I would dearly love to tell you about what I have been doing this past week. The hours-long conversations with lawyers. The equally long conversations with colleagues and friends. The decisions that I have had to make about when to speak—and when to say silent.
But to tell you, I would have to do something that I am not very good at.
It took me a year and a half of being called names on social media to call out another woman who had been trying to shame me. (I understand that she has continued to do so, including in more formal academic settings.)
Unlike their modernist colleagues, medieval historians rarely get to study events as they are unfolding in real time.
Usually we are stuck in the library, poring over manuscripts, hoping for a good bit that will give us a glimpse into the passions and provocations of the past, making do with chronicles written tens or hundreds of years after the events they are recounting, having to imagine what it must have been like through analogy with our own experiences, all the while knowing that we are more than likely projecting our own concerns onto the scraps of evidence that we find.
But not this week! This week in our little corner of academia we got to witness a SJW convergence in real time—just like Vox Day describes!
The opening move came on June 27, with this status posted to the Facebook Group for the International Congress on Medieval Studies (K’zoo) (I would link to the Group for you, but I can’t, for reasons which will become clear in the course of this narration).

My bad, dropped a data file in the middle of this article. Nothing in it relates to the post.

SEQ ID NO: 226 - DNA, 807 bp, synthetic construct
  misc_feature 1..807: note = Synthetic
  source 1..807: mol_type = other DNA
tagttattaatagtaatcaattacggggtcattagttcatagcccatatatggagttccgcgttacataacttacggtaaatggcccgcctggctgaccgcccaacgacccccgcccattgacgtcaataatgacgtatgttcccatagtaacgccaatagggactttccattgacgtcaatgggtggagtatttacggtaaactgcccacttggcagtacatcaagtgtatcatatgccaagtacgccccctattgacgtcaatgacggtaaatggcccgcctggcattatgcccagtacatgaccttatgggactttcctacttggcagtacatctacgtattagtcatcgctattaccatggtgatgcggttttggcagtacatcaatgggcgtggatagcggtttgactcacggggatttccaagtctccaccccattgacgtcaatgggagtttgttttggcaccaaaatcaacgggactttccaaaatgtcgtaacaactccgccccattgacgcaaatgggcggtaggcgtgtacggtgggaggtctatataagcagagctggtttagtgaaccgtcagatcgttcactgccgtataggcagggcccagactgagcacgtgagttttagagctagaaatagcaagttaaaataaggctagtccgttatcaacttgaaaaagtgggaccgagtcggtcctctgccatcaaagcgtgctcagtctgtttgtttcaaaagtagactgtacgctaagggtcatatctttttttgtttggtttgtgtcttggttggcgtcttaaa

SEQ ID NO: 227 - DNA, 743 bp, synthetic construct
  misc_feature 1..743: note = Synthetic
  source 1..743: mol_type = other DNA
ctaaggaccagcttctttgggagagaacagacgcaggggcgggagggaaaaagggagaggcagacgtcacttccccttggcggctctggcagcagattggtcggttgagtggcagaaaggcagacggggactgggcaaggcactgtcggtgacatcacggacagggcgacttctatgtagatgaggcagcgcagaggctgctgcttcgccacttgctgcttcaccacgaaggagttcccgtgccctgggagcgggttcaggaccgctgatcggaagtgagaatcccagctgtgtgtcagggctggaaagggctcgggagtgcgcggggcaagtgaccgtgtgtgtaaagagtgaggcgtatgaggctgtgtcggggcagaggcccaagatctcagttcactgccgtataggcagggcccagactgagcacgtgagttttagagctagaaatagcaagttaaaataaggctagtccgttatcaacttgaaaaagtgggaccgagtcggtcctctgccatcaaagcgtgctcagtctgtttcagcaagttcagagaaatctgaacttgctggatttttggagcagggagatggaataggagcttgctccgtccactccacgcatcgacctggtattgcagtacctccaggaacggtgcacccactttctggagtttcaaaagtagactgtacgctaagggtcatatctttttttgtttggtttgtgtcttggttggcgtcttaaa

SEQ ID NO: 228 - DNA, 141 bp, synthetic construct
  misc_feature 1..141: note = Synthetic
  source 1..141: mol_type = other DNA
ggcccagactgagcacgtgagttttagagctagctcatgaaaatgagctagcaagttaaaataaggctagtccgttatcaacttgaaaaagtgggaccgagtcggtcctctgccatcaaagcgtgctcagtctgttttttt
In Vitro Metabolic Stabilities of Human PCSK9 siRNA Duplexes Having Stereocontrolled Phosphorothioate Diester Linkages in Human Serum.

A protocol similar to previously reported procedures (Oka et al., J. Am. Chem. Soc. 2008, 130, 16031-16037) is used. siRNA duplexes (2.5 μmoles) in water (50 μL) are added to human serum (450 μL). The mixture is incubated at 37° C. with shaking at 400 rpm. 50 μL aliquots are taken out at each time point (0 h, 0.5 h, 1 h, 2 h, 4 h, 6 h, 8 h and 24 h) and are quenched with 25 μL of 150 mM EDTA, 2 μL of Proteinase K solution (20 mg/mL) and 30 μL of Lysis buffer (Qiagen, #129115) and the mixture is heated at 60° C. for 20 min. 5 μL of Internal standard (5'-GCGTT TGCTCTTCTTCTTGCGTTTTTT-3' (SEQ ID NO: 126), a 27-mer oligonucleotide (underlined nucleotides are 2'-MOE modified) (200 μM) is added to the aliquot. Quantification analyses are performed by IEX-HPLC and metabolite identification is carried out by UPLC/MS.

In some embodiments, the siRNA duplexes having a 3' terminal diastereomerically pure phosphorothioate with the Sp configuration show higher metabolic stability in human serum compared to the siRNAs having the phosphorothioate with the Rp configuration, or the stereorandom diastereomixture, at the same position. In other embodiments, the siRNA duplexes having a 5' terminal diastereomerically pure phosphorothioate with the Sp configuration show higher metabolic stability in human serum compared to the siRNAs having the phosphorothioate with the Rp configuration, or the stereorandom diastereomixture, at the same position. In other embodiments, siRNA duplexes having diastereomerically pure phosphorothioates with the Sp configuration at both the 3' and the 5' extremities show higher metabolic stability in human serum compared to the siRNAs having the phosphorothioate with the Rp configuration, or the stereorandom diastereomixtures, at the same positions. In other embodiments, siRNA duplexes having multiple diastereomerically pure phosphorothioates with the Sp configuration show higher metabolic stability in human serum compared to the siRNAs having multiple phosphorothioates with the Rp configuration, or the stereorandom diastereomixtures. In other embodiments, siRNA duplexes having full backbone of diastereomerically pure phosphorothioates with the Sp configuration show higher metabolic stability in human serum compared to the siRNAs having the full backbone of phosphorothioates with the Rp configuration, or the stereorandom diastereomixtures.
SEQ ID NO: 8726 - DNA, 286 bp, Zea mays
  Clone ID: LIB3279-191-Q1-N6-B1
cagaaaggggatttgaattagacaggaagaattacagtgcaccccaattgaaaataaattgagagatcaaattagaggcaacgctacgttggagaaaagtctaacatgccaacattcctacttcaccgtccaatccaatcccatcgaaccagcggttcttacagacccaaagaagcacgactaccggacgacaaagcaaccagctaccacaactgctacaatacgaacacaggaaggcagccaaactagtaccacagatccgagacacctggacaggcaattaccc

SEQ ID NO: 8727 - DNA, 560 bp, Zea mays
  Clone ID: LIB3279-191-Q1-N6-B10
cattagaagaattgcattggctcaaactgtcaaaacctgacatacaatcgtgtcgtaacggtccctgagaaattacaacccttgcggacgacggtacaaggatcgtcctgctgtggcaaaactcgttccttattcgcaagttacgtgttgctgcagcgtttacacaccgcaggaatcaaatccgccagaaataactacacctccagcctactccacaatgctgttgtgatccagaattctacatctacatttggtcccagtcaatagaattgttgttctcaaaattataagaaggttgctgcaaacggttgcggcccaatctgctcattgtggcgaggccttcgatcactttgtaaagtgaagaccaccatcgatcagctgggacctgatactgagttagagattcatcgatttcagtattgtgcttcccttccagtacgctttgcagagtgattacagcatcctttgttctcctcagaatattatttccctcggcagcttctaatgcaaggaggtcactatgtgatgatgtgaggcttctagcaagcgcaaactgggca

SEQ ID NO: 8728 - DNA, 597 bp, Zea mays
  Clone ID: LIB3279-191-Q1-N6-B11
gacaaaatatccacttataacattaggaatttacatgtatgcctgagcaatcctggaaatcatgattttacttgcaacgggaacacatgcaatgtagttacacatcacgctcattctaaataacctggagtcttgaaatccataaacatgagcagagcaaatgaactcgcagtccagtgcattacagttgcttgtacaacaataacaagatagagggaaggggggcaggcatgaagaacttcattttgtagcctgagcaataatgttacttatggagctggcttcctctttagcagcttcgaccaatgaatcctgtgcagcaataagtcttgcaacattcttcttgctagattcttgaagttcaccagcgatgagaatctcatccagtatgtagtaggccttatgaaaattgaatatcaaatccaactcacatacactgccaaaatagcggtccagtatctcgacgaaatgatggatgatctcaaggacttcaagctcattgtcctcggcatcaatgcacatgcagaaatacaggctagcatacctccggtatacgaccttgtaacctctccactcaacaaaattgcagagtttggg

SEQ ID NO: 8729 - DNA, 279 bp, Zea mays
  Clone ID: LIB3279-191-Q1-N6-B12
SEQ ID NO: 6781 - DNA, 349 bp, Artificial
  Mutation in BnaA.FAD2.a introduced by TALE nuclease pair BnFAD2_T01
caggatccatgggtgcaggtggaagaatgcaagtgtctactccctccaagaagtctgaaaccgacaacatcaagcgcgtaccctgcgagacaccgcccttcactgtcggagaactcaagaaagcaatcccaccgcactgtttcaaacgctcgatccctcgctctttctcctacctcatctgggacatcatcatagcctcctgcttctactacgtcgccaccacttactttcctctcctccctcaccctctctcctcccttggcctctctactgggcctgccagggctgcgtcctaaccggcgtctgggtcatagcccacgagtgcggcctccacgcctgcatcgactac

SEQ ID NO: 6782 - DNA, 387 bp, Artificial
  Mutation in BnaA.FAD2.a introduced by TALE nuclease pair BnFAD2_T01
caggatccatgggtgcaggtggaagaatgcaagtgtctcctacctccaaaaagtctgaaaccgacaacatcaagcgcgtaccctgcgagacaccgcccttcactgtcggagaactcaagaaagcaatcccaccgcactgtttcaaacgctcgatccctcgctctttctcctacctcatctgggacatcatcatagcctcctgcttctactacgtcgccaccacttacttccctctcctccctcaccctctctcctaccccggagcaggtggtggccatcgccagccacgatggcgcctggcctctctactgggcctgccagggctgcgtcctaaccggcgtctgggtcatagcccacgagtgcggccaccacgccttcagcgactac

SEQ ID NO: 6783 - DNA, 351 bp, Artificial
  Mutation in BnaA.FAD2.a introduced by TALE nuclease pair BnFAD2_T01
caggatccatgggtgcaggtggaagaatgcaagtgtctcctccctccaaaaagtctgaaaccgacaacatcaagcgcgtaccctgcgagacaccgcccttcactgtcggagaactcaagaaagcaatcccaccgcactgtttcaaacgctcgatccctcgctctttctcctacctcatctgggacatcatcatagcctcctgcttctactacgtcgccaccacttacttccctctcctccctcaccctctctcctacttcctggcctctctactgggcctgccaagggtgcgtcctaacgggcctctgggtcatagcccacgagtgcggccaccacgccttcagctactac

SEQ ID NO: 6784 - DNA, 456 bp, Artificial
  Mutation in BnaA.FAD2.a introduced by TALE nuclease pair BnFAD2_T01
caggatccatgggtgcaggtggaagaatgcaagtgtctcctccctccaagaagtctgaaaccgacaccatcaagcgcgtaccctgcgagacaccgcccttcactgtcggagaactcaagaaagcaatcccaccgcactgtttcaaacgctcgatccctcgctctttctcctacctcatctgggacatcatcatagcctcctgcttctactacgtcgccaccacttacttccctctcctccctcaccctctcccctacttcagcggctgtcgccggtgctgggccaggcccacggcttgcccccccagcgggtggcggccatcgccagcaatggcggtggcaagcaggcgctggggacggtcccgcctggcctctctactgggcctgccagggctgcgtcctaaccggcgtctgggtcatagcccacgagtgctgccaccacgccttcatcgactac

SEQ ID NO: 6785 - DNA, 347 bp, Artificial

For the past several years, some of my colleagues in medieval studies have been claiming that our neck of the scholarly profession is infected not just with white supremacism, but also with fascism, so much so that they are willing to label fellow members of the profession as out-and-out “fascists,” including yours truly.
As Inigo Montoya would put it, I’m not sure that word means what they think it means.
What they seem to mean by it is “racist,” because, of course, everyone knows that fascists are racists—and racists are evil.
It also seems for them to have something to do with being of European ancestry and/or white and not apologizing for it, as well as having status in our profession that others do not.
At a guess, it could have something to do with arguing in favor of Western civilization and/or Christianity, but for the most part they leave it undefined, hanging there as the slander that everyone knows it is without quite being able to say why.
I have never met Dorothy Kim. I do not know why she decided to make me her target in January 2016. Since it is clear that many even in our field of medieval studies do not know – or are refusing to admit that they know – what she has been saying about me on social media, I will show you.
On June 5, 2015, I posted a short blog post, listing three “cheers” that I suggest we talk about as products of Western, a.k.a. European, a.k.a. “white” civilization. I entitled it “Three Cheers for White Men.”
On January 18, 2016, I learned from friends on Facebook that Dorothy Kim had found this post and was encouraging her friends in the Society for Medieval Feminist Scholarship Facebook group to condemn me for posting it. Here is her initial post:
In response, I wrote a long series of blog posts clarifying what I had meant in praising “white” men for idealizing chivalry, consensual marriage, and women’s full participation in our representative democracy. These posts are linked in the original “Thr…